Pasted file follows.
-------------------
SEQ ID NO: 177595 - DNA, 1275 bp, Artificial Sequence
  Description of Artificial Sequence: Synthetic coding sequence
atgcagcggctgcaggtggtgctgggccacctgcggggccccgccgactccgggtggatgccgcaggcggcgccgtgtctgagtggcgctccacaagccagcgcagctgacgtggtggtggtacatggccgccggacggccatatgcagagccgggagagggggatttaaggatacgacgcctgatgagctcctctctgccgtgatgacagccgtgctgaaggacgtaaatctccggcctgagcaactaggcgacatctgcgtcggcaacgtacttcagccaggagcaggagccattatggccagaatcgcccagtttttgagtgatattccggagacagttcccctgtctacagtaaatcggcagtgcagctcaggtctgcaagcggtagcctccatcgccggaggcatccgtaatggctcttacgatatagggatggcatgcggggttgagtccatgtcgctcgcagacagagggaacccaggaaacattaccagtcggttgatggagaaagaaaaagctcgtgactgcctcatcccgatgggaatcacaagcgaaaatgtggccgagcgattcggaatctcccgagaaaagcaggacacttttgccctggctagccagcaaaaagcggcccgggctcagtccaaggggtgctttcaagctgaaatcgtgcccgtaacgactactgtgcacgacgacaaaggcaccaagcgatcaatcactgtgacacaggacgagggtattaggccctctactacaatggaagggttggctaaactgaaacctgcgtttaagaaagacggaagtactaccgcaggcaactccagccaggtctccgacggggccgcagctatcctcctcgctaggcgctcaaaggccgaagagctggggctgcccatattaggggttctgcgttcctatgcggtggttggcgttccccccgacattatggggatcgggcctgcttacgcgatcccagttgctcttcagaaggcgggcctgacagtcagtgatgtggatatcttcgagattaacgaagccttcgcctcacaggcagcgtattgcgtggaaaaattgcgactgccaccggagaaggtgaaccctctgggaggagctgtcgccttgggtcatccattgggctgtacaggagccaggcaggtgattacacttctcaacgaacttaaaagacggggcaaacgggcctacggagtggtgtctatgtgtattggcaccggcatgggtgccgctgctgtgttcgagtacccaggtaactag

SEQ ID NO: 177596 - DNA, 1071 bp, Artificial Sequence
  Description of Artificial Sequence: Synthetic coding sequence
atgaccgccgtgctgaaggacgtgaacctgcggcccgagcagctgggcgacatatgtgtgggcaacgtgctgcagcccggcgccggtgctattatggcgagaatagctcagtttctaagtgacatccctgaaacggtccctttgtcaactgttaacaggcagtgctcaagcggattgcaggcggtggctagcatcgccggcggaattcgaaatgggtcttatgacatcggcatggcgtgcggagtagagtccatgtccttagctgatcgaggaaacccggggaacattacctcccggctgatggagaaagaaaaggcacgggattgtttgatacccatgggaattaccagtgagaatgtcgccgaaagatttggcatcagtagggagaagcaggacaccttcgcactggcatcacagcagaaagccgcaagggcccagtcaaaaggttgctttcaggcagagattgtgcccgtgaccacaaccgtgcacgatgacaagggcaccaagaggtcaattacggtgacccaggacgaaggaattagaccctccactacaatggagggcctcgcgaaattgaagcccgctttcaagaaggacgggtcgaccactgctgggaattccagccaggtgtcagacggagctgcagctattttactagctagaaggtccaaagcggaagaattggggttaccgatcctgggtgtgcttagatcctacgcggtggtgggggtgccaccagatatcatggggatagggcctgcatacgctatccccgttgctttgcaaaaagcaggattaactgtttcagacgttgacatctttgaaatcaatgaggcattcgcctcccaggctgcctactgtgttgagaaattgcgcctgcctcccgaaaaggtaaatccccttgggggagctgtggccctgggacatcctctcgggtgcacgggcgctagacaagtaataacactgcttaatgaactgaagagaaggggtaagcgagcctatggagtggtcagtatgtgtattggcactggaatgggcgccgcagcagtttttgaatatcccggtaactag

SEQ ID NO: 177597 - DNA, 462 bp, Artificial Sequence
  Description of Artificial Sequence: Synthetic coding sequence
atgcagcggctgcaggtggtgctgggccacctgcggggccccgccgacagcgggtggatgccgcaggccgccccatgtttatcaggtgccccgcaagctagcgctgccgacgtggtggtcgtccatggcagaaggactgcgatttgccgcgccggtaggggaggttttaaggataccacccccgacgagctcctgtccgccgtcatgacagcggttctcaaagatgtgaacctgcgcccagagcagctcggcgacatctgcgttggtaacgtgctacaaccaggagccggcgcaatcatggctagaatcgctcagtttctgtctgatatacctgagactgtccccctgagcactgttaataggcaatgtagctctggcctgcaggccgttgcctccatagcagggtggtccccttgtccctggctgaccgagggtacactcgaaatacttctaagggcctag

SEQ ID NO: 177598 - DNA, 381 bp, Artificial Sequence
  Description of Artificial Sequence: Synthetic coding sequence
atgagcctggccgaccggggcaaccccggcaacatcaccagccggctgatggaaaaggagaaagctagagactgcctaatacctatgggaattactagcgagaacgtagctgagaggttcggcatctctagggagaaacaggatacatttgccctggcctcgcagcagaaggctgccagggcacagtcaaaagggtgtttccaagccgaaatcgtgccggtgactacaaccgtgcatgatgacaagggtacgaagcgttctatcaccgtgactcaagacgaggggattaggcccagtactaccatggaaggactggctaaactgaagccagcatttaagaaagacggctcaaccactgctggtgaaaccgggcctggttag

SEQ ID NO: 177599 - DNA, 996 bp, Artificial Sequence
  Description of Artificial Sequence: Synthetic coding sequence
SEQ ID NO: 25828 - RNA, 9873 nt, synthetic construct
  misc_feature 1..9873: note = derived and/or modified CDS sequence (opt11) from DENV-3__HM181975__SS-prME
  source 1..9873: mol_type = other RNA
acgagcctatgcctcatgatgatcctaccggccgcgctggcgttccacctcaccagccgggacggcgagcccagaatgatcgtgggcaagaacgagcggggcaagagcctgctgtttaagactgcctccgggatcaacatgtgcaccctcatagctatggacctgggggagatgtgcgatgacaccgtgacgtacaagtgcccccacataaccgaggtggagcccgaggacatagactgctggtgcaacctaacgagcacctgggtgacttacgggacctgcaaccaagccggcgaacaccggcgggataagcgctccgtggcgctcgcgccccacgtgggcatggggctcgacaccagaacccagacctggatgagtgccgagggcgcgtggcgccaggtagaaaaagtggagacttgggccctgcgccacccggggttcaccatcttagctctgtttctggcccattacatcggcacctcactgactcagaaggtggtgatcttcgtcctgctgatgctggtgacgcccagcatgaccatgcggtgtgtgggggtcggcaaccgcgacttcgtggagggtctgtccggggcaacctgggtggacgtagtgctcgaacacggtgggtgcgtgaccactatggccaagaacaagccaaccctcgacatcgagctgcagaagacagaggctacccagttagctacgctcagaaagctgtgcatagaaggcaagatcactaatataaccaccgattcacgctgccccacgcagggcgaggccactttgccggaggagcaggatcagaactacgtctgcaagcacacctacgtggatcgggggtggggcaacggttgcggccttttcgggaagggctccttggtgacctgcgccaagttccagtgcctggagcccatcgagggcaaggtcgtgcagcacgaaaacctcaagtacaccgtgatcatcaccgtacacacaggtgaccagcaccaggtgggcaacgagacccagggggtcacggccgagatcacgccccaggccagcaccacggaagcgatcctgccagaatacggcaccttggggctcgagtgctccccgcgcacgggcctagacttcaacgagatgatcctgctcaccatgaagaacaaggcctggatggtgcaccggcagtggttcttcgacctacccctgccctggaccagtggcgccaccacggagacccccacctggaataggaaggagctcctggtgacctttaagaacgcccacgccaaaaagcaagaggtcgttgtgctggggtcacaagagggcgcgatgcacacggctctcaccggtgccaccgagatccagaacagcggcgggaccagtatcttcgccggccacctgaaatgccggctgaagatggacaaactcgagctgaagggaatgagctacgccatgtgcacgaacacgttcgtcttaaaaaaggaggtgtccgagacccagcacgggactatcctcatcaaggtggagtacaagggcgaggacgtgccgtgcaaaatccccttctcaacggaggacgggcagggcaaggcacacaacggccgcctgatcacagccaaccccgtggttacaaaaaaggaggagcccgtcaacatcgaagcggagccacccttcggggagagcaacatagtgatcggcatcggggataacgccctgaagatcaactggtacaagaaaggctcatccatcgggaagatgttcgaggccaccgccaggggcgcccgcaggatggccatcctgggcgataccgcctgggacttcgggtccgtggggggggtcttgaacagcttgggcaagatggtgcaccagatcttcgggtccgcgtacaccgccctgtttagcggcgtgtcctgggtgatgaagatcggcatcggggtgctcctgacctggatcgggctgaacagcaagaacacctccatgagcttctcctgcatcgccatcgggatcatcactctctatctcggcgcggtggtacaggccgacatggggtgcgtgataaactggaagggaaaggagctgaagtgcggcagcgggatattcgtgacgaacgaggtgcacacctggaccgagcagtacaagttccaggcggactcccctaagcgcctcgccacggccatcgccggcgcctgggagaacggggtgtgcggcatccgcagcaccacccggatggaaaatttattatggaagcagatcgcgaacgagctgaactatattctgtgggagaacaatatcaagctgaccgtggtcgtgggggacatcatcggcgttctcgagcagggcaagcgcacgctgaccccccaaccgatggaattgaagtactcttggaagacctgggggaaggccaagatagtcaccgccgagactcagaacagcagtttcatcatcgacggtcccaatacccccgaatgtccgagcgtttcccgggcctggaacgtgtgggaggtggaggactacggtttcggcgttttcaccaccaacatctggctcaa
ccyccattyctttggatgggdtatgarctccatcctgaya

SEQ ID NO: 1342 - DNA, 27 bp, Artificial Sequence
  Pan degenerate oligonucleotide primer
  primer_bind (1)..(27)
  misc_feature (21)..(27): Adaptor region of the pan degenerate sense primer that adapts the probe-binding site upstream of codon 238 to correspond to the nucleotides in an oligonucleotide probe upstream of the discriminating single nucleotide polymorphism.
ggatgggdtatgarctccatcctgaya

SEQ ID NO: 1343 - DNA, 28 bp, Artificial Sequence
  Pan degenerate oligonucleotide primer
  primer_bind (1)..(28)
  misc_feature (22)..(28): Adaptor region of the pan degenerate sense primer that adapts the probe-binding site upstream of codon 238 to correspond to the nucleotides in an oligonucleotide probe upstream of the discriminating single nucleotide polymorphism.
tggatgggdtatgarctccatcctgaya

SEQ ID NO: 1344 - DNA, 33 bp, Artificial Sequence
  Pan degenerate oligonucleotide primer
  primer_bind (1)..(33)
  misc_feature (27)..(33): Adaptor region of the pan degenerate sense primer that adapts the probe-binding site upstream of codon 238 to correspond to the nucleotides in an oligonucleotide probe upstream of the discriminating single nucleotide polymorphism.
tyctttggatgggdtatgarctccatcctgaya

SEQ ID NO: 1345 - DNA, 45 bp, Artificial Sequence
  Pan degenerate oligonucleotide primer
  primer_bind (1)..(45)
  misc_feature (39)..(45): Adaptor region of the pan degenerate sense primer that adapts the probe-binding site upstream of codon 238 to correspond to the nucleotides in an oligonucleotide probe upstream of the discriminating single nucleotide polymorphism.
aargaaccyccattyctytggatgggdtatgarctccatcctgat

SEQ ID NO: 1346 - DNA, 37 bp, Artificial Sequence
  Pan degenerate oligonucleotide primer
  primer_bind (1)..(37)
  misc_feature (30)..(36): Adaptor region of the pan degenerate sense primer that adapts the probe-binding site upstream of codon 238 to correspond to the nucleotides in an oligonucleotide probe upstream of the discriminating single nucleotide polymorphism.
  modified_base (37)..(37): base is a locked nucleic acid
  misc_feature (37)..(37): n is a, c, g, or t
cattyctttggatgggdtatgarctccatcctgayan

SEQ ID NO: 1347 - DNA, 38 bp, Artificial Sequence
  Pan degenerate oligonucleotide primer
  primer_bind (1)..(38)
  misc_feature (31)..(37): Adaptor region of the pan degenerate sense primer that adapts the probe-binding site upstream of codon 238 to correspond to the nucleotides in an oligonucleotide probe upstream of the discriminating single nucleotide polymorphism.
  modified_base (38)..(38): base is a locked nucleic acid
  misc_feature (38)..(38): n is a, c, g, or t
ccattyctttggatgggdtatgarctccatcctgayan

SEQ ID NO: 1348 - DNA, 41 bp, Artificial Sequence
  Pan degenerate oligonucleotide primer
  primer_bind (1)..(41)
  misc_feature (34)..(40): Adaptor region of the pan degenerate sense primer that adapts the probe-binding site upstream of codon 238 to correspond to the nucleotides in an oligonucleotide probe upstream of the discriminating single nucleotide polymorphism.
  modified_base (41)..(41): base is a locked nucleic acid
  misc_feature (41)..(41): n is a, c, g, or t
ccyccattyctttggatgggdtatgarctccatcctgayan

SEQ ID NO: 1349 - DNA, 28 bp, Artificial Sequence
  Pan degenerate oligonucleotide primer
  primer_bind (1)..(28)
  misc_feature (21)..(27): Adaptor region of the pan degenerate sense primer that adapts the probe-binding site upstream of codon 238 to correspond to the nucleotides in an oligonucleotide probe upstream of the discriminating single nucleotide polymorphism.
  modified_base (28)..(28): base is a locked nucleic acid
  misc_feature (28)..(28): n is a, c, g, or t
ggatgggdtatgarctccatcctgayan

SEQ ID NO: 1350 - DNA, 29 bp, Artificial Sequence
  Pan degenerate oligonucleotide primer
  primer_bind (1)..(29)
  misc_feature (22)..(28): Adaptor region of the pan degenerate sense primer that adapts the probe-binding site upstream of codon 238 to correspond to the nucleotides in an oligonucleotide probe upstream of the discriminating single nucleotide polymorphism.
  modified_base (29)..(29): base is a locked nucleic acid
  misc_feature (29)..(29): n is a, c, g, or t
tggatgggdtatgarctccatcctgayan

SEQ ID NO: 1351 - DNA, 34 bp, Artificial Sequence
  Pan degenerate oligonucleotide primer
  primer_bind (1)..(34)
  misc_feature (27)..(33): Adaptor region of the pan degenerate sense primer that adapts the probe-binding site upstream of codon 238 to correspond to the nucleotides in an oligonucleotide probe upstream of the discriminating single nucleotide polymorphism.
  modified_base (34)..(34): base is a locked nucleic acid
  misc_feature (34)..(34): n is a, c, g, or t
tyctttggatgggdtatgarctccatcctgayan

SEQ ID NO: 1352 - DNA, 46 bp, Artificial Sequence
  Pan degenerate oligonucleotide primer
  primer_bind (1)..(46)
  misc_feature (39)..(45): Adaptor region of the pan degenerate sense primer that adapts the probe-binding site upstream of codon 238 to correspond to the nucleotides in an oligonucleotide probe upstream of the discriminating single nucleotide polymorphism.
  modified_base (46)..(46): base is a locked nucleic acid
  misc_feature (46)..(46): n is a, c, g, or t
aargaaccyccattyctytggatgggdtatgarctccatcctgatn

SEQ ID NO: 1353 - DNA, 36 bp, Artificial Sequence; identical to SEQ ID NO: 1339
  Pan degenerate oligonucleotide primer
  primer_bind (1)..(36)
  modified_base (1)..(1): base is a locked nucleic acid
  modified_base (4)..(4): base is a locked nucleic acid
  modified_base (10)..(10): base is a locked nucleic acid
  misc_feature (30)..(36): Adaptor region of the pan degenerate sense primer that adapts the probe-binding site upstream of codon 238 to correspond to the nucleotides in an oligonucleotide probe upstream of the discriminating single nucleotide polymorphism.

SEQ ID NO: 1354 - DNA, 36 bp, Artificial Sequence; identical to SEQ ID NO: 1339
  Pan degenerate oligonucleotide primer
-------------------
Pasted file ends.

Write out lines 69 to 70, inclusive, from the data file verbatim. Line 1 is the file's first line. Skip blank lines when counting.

  Pan degenerate oligonucleotide primer
  primer_bind (1)..(29)